Peugeot shocks the repmobile market

The 407's designers are looking to amaze, delight and open minds. They have certainly created something new
Click to follow
Indy Lifestyle Online

This week, Peugeot revealed its new 407 saloon, a striking-looking replacement for, unsurprisingly, the eight-year-old 406. It has the low nose and slatted, open mouth of a long-past Ferrari, an ultra-streamlined windscreen whose roots are pulled far forward, a high, fast-looking tail and a visual presence rather greater than that of most upper mid-size, company-targeted saloons.

This week, Peugeot revealed its new 407 saloon, a striking-looking replacement for, unsurprisingly, the eight-year-old 406. It has the low nose and slatted, open mouth of a long-past Ferrari, an ultra-streamlined windscreen whose roots are pulled far forward, a high, fast-looking tail and a visual presence rather greater than that of most upper mid-size, company-targeted saloons.

And here lies its key selling feature: the way it looks. "We could have made a car that's an evolution of what we had before, but we wanted to create something new," Peugeot's long-serving design director, Gerard Welter said.

Wanted or needed? Because it has never been more important to set your products apart from those of your rivals, for that way are brand values, reputations and desires created. Do not create more grey porridge, nor attempt to beat the established premium makes at their own game because you cannot. Go boldly, instead, where no car has quite gone before.

Will it work? The 407 will certainly get noticed, and probably admired to the pleasure of its users. Whether it will create a viable cred-currency is another matter. This line of car-genesis is not new; to shock, to delight, to open minds has long been a tempting task for marketing departments.

Such as? Ford's Sierra, the aerodynamic jellymould, is an obvious example. Mazda's 323F, in both its forms, is another; fastback tail, semi-supercar front, confused identity. Then there is Nissan's present Primera, all angles outside and open-plan inside, arresting at launch-time but brought down to sad, slow-selling reality the instant the first cab sign sullied its roof.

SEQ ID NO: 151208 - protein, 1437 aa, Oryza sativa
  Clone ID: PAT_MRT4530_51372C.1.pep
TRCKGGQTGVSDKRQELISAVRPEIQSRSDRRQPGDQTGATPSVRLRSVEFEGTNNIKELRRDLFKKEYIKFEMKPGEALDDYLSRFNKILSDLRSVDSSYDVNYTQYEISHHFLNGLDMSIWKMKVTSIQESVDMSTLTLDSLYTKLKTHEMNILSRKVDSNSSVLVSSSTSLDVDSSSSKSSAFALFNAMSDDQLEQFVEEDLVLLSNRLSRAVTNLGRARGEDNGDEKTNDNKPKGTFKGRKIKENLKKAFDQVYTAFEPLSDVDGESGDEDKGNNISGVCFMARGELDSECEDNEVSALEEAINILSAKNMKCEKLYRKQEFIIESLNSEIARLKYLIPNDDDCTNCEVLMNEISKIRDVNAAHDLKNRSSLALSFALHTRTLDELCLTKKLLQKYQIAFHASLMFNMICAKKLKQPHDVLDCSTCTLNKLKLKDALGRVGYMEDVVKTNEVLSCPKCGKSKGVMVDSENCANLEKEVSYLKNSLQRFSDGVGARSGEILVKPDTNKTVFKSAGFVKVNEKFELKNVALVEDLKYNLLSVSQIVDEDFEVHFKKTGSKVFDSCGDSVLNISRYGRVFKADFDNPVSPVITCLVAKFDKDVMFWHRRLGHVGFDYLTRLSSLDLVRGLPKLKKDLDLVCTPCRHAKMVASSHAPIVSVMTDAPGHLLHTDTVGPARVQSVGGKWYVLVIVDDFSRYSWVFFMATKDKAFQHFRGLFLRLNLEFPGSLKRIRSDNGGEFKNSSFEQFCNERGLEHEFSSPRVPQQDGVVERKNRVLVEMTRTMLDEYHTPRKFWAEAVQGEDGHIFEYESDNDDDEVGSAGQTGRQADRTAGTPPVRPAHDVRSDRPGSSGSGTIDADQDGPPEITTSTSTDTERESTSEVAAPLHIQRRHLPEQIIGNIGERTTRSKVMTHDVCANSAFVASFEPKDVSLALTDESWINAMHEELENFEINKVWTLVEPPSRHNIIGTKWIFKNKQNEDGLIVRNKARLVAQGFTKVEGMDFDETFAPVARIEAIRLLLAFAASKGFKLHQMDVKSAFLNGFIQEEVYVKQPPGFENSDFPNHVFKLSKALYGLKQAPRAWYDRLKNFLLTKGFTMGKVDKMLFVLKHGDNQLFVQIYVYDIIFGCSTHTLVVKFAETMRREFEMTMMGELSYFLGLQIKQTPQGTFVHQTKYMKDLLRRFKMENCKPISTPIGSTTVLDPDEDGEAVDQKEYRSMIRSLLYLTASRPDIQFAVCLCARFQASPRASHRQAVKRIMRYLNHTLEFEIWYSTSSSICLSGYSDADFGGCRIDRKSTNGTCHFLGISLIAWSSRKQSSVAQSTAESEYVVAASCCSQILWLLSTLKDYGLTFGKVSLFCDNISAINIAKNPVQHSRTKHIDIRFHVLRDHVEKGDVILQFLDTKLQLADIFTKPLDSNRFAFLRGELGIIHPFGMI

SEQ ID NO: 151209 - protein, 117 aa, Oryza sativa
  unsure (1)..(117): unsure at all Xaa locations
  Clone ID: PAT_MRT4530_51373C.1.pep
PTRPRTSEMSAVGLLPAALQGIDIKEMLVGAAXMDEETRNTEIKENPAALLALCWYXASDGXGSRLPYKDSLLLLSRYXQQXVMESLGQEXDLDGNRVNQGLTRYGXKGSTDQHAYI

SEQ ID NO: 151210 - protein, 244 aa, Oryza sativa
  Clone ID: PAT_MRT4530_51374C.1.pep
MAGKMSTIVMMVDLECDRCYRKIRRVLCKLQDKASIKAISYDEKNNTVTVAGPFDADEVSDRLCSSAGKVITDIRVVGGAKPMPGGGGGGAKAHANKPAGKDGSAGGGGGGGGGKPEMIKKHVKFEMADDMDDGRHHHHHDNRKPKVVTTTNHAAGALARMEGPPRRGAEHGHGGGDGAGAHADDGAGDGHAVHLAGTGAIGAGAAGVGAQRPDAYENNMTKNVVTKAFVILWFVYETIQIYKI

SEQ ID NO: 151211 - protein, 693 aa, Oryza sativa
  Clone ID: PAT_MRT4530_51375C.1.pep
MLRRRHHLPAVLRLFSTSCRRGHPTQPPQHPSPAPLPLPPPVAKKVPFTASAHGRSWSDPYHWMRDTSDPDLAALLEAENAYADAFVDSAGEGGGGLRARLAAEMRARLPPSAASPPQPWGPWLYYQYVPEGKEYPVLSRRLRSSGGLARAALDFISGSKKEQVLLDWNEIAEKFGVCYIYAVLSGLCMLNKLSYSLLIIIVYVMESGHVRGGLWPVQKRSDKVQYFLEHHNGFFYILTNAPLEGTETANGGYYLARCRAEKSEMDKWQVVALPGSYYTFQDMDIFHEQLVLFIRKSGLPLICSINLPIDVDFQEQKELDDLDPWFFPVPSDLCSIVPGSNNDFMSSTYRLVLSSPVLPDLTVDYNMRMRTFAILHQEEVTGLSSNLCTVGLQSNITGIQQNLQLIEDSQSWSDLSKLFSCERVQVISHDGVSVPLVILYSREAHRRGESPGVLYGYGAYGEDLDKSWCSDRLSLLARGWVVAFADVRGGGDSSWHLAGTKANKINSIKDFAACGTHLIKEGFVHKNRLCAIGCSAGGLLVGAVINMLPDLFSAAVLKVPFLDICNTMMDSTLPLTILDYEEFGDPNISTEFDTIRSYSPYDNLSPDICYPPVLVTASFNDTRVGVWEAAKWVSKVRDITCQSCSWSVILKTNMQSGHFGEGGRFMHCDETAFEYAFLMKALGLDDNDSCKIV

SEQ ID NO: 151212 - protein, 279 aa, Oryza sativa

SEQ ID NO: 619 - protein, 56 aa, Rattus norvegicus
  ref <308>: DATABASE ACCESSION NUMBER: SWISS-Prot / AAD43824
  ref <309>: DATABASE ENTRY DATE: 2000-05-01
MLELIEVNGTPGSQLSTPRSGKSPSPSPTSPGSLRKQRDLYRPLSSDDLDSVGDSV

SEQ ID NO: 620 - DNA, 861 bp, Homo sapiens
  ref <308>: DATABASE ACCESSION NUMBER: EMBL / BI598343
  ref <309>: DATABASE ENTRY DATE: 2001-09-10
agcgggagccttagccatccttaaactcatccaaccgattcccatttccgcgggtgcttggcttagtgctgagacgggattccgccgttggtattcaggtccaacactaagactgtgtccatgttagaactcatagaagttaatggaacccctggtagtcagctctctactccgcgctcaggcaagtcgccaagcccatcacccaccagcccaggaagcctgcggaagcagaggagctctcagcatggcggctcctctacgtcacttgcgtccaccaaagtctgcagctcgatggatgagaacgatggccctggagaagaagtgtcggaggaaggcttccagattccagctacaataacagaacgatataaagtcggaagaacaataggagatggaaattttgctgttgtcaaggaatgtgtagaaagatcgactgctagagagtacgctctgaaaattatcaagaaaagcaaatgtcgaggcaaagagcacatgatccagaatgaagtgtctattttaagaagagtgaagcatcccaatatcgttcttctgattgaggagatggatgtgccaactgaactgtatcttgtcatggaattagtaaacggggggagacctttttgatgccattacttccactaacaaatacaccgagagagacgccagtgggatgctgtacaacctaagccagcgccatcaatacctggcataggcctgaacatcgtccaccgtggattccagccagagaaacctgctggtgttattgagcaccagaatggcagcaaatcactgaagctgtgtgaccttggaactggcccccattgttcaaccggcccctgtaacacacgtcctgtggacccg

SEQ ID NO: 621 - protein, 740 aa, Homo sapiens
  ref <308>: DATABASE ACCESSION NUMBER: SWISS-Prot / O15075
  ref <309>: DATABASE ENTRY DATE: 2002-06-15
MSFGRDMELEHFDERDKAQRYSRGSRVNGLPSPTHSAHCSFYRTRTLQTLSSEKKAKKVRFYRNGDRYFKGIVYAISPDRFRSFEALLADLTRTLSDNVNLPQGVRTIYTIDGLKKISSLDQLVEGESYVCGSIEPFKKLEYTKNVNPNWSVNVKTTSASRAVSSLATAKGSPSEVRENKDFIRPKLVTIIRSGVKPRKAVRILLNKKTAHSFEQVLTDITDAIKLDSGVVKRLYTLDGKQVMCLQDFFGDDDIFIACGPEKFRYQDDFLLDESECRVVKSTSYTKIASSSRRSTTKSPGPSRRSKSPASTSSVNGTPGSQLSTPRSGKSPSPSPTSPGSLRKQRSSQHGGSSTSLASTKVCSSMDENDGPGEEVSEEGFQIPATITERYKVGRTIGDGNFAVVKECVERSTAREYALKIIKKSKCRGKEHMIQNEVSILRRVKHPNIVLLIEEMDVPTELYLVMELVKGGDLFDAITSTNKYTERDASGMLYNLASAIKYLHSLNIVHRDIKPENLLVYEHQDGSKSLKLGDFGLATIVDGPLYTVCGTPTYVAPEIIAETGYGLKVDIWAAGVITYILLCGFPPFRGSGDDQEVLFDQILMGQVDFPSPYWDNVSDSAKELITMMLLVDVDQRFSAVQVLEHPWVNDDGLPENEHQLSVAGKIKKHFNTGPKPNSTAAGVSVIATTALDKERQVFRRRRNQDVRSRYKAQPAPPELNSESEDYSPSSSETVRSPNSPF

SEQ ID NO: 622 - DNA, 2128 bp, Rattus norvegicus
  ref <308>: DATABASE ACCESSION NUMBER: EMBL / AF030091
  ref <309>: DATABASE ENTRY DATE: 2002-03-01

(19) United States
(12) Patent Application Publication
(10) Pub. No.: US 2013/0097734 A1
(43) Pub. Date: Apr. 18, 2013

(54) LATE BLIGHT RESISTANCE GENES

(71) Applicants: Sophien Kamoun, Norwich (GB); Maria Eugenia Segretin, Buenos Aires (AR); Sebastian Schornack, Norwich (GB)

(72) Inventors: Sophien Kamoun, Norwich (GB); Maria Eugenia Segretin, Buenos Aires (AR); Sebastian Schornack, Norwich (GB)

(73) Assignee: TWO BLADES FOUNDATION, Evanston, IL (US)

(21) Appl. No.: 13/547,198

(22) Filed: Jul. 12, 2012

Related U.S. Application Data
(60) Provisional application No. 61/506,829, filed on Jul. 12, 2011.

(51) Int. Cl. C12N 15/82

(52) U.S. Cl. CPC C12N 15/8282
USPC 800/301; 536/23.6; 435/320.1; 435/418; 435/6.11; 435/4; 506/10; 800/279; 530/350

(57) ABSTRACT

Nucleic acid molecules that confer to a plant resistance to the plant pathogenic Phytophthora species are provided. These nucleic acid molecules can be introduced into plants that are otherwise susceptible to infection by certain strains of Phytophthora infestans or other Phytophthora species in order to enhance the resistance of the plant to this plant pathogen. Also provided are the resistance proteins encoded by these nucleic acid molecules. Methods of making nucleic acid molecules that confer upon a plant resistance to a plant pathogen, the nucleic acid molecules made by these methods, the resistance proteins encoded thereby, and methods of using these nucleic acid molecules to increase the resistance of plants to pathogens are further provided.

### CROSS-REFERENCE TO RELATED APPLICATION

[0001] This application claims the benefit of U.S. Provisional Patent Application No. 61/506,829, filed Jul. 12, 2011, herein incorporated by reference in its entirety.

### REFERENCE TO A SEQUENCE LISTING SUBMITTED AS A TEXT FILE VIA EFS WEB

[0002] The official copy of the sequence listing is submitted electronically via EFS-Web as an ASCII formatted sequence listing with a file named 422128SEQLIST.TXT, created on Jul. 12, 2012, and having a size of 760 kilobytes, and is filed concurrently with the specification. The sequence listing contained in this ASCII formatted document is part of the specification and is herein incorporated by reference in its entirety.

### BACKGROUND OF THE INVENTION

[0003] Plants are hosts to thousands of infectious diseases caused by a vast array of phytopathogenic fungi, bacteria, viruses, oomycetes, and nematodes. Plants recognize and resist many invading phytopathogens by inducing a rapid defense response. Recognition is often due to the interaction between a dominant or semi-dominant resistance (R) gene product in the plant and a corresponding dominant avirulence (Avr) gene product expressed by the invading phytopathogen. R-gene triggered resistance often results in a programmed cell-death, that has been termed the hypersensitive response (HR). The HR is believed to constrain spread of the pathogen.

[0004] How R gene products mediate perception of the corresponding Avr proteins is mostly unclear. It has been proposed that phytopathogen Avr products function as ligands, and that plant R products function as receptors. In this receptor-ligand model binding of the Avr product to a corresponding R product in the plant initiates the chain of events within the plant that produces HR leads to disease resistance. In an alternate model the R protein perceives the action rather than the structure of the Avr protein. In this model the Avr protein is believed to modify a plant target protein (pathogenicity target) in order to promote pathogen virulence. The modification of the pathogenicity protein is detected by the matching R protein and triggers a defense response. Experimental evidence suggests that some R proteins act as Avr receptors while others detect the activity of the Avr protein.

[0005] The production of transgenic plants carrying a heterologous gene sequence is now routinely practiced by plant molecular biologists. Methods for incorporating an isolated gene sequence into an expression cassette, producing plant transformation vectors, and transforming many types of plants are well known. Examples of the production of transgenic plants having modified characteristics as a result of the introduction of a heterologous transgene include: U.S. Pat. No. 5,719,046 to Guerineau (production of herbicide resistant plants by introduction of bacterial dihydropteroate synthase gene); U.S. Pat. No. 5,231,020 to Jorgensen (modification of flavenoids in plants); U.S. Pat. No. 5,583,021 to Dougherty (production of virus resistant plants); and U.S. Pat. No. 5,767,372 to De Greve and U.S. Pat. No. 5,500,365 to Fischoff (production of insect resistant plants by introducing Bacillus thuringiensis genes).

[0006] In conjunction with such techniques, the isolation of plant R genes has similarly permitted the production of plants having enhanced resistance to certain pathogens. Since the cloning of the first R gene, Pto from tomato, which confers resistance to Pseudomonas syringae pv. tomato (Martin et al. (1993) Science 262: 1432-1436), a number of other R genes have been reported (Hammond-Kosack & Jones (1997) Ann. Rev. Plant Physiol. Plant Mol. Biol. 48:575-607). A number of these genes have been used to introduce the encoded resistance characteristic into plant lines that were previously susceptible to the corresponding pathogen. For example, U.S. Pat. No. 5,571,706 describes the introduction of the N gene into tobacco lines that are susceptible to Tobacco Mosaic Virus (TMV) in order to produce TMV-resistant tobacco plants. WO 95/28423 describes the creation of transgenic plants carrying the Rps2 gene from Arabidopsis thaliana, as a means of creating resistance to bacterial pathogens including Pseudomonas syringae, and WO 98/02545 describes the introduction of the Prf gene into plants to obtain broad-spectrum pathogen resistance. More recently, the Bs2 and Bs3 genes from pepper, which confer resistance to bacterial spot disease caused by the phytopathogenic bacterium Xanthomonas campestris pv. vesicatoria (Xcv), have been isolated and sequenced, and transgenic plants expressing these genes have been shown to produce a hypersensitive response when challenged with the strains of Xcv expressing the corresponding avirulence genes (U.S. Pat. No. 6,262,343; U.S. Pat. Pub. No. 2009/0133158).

What else? The Ford Focus shows that off-the-wall boldness can work, the latest BMWs show it can just as easily not. (That said, I am finally warming to the 7-series if not the 5-series; BMW design chief Chris Bangle's grand plan may have been right after all.)

The Fiat Coupé, another Bangle creation, similarly split car-design opinion over its bulges and slashes, and surely we can include in our survey most Citroëns up to and including the XM. What dictates success and what leads to failure is hard to deconstruct. Sometimes the designs succeed despite their radicalism as much as because of it; a family Ford is bound to sell well to those who are familiar with Fords even if it looks odd, and maybe new buyers will join in because they are intrigued. But a Nissan Primera does not have that bedrock of support, so a radical new one gets ignored.

What, then, are the chances for the new Peugeot? The French company has long had a reputation for pleasing designs, many of them created in collaboration with Italian design house Pininfarina, and one of the main reasons why the now-ageing 206 supermini is still the car most bought by British private buyers is the way it looks. Peugeots are also sufficiently numerous to have a critical mass of acceptability, and most people who have bought 406s in the past have liked the smooth, fluid and responsive driving characteristics.